Personal income grew by 0.2% m/m in August, in line with the consensus estimate. Compensation of employees (+0.4% m/m) was the highest contributor to growth, as employment continued to make gains in August. Excluding price changes and taxes, real personal disposable income was lower by 0.3% m/m.
Nominal spending advanced by 0.8% m/m, a tick higher than 0.7% anticipated by the consensus, but from a downwardly revised July (-0.1% from 0.3% originally). Spending on services increased by 0.6% m/m, but was slower than the 1.1% trend of the previous three months – likely a reflection of an increased adherence to physical distancing due to a spike in COVID-19 cases. Meantime, spending on goods accelerated, rising by 1.2% m/m (with a reading of -0.4% m/m for durables and 2.1% for non-durables).
Removing the price impact, real spending increased by 0.4% m/m, as expected by the consensus estimates. Real services rose by 0.3%, while goods gained 0.6% m/m.
The overall PCE price deflator rose by 0.4% m/m and 4.3% y/y in August – slightly faster than 4.2% y/y growth in July. The Fed’s preferred measure of inflation – core PCE price index – remained on par with July’s gains, rising by 0.3% m/m and 3.6% y/y, on par with the consensus expectation.
The personal saving rate remained elevated at 9.4% – well above its normal rate of 7.5% observed before the pandemic.
Today’s report proved consumers to be more resilient than expected. A closer look at the composition of expenditures suggests that Delta-related caution played the lead role in slowing the rebalancing from goods to services, at least in August. Higher frequency data points to this pause extending into the early September, but reversing recently, raising hopes that the latest wave of caution is cresting. With this weakness incorporated, our forecast calls for around 3% (annualized) growth in real consumption in the second half of 2021.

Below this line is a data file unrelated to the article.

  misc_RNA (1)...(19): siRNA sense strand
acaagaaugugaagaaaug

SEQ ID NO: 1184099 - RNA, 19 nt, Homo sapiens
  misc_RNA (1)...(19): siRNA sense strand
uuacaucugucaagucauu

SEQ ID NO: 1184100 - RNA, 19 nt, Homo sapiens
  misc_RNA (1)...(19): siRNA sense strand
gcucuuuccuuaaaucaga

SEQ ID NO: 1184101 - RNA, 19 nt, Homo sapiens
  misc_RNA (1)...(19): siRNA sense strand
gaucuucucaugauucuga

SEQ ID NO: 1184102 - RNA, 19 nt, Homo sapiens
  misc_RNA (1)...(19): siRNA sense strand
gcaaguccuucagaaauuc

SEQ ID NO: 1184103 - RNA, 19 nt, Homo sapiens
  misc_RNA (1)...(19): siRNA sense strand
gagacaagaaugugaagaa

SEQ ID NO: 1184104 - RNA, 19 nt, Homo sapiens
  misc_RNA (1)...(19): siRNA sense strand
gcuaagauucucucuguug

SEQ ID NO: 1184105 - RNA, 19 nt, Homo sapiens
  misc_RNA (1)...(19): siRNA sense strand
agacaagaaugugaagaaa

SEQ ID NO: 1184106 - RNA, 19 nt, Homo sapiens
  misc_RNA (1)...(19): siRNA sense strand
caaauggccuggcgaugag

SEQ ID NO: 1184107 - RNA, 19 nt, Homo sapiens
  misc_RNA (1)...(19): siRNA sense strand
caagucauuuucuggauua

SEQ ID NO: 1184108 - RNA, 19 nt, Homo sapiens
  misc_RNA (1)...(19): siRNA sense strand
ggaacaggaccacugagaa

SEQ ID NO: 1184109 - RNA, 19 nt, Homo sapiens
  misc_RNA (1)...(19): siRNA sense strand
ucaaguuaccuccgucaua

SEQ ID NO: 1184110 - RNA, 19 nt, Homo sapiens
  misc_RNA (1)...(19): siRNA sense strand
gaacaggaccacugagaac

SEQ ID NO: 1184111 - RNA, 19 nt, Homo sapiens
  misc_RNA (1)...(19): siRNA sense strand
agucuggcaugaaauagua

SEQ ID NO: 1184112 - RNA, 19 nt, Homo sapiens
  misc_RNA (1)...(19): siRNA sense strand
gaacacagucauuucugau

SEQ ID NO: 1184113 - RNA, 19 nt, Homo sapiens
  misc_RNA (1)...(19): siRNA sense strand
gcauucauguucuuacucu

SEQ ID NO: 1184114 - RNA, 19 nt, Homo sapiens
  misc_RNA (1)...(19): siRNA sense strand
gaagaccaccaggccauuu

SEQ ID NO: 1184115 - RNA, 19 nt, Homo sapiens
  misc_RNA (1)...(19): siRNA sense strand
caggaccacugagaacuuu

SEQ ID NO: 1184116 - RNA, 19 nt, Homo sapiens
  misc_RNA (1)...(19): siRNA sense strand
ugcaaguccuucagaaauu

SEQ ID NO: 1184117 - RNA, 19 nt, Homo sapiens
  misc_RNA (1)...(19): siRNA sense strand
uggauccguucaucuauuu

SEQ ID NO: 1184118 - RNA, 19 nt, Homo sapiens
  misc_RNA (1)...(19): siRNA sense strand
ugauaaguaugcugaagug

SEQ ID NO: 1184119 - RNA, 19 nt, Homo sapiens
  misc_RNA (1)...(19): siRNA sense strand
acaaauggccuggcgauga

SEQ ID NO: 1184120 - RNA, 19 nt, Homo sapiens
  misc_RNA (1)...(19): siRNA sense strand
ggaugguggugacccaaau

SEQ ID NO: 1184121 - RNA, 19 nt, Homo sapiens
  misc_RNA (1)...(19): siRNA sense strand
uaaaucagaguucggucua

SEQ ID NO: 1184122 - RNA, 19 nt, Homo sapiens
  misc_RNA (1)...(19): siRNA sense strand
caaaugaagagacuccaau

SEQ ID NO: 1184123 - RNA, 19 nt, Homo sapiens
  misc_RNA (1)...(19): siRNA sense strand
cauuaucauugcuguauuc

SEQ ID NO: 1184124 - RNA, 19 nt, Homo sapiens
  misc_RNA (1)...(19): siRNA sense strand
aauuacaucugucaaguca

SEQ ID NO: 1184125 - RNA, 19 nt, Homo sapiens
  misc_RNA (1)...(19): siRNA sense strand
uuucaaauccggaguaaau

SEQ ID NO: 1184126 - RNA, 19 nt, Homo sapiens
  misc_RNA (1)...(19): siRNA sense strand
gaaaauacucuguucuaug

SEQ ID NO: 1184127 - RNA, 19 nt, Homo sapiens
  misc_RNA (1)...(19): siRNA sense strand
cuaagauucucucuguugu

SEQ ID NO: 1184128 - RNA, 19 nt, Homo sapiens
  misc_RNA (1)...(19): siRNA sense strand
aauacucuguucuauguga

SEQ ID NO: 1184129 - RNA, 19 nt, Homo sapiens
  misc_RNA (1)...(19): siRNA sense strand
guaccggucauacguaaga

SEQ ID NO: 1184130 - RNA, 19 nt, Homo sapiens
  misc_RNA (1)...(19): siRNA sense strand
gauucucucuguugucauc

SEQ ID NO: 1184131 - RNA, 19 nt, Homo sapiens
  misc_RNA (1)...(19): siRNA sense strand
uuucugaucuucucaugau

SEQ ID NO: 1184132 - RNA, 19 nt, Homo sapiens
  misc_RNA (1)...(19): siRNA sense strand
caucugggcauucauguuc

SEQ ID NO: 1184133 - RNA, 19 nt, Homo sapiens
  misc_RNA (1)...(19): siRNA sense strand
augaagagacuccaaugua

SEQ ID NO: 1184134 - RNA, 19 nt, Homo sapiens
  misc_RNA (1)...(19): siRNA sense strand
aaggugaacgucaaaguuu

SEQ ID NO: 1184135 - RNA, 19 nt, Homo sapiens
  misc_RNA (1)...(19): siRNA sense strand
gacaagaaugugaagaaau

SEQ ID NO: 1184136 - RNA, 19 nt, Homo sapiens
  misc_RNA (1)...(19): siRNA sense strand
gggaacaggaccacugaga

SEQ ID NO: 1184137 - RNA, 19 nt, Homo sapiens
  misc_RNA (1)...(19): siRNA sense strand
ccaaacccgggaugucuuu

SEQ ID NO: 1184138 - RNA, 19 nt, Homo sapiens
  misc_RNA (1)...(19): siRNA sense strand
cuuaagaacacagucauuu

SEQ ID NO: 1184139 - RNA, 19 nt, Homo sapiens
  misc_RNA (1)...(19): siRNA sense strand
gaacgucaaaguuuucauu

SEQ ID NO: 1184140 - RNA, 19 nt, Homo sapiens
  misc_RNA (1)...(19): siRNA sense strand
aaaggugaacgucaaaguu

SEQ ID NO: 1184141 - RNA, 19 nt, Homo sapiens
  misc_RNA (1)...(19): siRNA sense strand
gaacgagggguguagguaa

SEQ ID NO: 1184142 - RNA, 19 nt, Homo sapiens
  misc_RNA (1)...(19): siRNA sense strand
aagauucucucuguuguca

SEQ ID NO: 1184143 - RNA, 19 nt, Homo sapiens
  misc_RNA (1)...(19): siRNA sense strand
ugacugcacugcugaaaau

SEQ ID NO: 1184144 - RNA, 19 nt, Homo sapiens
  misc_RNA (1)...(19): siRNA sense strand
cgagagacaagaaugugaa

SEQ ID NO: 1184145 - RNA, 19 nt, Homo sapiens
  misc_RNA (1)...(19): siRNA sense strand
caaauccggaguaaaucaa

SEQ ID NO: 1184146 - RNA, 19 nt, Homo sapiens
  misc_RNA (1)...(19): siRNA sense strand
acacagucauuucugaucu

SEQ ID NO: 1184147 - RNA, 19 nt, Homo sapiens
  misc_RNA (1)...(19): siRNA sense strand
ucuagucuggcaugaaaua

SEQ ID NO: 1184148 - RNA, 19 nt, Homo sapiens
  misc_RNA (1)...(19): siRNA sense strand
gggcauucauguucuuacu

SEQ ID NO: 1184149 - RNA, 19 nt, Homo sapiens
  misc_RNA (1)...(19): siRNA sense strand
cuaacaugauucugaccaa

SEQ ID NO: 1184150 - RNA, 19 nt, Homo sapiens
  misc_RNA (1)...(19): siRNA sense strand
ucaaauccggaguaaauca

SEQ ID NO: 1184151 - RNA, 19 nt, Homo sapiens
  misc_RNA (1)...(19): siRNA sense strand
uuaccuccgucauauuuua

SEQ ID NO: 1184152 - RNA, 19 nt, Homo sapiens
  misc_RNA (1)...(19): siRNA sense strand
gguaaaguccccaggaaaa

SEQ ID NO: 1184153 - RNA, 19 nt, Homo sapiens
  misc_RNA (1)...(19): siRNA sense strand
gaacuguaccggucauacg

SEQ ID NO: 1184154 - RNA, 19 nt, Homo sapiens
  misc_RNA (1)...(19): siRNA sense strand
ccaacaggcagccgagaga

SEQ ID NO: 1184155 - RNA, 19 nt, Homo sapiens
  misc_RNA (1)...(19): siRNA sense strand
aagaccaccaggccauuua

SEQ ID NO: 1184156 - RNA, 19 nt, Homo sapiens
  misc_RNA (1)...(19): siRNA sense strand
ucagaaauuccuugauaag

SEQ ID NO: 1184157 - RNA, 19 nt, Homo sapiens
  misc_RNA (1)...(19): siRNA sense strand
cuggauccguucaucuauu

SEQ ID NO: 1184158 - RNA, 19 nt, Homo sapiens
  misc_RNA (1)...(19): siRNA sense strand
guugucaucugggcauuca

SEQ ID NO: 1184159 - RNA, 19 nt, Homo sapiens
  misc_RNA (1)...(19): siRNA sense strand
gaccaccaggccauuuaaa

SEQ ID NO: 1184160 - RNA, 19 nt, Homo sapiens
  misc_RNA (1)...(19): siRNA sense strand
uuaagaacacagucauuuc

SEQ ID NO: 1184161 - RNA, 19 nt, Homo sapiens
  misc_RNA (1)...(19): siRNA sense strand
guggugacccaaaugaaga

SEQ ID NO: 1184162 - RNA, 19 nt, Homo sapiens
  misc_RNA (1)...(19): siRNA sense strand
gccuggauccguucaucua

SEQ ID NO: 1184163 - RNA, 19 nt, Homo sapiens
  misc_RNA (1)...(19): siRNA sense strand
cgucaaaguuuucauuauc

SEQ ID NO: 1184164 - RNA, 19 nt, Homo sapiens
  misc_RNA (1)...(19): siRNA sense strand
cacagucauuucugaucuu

Decent personal income growth is a positive sign, especially given it stems from an increase in employment income, which is taking over government income programs in supporting consumption. If sustained, this pace of growth might give an additional boost to spending, especially when combined with a backup power of excess saving.
Strong price growth puts more pressure on the Fed amid the growing agreement that supply bottlenecks may extend price pressures into the next year. This week, Federal Reserve Chairman Jerome Powell acknowledged that these constraints may prove to be “greater and more enduring than anticipated” and gave indications that the Fed is prepared to act more aggressively if needed. Still, for now, the Fed is only comfortable to start reducing its asset purchases, which we expect to start by the end of the year. The policy rate should remain near zero until more progress in the labor market is achieved.